Minimal Motoring: From Cyclecar to Microcar (Paperback)David Thirlby (author)
Paperback 208 Pages / Published: 01/06/2002
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From about 1910 to the mid-1920s, the cyclecar was a popular means of transport. Cheap, simply engineered, often crude, it was really just a motorcycle engine with a lightweight chassis and body (the cyclecar/microcar often being the product of cycle and motorcycle technology). It created, however, a new market of people who could now afford a motor car; it was no longer the perserve of the well to do. The simplicity of the cars meant that they could easily be built in small quantities and this led to a growth in the number of motor manufacturers. Some, who graduated to make motor cars, even survive to this day, including probably the most famous British marque - Morgan. It was an international phenomenon with makers in France, the UK, USA and Germany producing cyclecars, albeit for various time-spans. A few makers survived into the thirties, but most had disappeared long before, killed off by the introduction of real cars at low prices, such as the Austin 7 in Britain, the German Dixi and the baby Citroens in France. The concept was not to die, however, as the French retained an interest in cyclecars beyond this period and were producing small cars such a as the Mochet throughout the Second World War. Inside the pages of Minimal Motoring is a selective history of both the cyclecar and microcar, accompanied by period photographs, advertisements and artwork.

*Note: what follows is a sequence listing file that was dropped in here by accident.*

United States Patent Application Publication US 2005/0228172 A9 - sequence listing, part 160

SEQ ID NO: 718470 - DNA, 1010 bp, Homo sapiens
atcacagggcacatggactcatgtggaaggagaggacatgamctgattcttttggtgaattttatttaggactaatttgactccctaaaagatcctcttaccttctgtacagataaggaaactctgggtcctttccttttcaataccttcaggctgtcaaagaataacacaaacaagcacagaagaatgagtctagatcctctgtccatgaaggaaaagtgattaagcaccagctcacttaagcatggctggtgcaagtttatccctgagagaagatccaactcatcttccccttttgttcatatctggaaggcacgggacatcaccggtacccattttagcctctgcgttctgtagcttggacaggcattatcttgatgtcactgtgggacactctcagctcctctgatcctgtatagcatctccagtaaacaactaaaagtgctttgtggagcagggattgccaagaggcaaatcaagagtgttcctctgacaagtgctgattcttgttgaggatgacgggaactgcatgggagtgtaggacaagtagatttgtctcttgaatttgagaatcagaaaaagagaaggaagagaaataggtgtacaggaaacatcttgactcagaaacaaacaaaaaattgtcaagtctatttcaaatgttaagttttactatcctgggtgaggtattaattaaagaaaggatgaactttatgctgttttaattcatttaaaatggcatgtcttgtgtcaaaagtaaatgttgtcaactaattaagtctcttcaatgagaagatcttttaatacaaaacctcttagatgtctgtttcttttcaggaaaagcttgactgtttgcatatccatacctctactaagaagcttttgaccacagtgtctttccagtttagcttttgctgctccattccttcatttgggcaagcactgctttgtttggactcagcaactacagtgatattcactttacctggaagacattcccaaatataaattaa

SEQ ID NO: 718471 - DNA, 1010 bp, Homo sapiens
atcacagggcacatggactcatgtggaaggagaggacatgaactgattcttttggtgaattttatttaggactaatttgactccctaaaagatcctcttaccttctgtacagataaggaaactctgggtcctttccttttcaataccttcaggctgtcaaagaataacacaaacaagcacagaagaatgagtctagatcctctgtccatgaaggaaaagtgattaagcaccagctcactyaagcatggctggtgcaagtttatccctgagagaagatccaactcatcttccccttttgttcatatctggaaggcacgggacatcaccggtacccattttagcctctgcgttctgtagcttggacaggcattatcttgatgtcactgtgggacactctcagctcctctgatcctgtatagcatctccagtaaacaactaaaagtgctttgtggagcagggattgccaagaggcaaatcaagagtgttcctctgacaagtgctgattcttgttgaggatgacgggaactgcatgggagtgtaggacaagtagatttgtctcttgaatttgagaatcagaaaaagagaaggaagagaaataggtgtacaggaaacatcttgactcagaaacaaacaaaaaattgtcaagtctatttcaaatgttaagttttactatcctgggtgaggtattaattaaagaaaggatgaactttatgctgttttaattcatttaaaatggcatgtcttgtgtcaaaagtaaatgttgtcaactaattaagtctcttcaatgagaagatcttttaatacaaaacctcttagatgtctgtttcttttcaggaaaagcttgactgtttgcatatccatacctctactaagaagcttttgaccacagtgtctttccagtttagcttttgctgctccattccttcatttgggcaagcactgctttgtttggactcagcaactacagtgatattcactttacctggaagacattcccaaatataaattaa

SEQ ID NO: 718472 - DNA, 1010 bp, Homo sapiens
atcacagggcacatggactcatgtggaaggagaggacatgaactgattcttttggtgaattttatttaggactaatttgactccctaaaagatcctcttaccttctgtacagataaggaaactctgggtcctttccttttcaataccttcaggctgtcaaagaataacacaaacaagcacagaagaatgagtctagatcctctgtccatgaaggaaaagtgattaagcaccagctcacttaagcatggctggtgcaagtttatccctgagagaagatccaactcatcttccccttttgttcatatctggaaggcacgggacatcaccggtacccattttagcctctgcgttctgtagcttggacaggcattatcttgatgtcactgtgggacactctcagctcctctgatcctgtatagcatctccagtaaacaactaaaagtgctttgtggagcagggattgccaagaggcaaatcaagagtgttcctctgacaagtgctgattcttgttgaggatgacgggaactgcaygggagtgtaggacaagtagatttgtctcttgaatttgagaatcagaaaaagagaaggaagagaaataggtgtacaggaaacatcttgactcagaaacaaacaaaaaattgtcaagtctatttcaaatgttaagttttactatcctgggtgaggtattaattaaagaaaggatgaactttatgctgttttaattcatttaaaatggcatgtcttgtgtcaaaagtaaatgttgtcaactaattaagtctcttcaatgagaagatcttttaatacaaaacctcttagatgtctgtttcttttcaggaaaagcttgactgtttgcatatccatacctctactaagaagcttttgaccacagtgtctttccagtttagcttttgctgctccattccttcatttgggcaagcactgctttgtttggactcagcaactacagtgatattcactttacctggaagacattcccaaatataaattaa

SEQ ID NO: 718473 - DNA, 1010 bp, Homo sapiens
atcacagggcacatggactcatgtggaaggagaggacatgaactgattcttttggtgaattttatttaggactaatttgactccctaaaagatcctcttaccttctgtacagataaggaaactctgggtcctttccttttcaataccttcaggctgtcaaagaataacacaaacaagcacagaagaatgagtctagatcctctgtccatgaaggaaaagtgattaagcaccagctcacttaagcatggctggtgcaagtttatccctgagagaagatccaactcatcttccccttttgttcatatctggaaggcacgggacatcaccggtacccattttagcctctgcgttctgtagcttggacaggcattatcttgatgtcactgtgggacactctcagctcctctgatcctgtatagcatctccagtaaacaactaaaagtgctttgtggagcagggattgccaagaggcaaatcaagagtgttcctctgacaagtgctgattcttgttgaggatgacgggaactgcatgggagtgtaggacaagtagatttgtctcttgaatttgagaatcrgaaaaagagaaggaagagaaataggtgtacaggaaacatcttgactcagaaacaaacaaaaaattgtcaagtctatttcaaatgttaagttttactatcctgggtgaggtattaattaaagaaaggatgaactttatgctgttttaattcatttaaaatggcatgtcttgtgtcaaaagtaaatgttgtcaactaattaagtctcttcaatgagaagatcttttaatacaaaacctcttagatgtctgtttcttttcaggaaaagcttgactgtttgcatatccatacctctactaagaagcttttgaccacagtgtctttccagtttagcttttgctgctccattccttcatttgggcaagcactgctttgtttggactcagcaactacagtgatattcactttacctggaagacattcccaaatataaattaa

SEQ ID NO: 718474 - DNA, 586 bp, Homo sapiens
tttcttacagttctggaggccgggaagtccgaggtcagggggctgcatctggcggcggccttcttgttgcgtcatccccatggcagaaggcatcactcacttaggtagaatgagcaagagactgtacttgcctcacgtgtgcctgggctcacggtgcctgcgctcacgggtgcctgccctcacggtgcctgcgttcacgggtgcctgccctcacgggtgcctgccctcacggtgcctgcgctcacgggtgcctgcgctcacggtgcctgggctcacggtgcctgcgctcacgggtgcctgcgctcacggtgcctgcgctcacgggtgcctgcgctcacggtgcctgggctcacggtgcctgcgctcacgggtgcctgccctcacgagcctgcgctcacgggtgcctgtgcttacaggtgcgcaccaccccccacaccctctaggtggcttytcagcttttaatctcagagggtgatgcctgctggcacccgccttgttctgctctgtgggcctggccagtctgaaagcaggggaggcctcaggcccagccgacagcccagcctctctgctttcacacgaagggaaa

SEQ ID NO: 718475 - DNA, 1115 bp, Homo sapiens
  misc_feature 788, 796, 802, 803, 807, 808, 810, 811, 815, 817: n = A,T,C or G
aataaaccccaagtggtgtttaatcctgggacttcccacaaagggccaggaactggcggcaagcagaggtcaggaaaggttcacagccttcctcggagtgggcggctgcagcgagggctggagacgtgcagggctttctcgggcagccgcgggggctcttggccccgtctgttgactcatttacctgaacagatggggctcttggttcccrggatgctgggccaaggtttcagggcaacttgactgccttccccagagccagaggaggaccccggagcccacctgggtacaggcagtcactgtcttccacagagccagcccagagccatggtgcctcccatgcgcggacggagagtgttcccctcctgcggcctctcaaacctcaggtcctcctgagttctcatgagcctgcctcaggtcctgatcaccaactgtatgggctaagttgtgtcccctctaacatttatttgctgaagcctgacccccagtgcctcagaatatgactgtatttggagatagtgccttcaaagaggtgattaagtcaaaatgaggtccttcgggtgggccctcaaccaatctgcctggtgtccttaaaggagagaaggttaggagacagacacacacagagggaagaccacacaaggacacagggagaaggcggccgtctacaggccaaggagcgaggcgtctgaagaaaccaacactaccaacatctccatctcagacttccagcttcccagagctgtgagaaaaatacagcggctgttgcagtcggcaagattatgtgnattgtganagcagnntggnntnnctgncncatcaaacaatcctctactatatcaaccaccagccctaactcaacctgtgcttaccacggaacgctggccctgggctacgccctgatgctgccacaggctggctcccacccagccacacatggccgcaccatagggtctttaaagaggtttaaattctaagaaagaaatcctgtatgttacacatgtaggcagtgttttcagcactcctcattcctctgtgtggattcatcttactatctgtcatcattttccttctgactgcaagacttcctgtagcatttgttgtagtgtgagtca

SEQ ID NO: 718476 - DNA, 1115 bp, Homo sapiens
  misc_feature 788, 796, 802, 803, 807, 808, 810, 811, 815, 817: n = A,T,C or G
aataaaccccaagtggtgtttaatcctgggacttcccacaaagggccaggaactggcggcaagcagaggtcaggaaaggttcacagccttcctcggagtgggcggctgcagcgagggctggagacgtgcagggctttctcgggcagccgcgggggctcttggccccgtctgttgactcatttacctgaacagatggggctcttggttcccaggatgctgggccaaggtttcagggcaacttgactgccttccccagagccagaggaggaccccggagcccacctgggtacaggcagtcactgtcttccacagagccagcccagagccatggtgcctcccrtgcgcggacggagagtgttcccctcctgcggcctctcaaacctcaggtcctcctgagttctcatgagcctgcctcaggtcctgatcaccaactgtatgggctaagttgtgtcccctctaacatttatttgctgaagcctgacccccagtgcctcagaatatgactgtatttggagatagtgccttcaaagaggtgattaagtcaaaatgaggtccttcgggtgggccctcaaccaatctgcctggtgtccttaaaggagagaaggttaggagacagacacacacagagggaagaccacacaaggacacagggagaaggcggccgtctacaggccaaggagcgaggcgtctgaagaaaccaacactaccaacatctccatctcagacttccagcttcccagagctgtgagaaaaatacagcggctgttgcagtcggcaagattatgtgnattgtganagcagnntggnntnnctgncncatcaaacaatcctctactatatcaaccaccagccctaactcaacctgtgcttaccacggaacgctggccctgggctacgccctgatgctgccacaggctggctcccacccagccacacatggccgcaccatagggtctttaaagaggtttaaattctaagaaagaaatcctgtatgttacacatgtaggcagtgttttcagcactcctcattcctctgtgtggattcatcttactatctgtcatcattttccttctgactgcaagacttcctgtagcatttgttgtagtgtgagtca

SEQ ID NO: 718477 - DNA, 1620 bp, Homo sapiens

Publisher: The History Press Ltd
Number of pages: 208
Weight: 460 g
Dimensions: 248 x 172 x 10 mm
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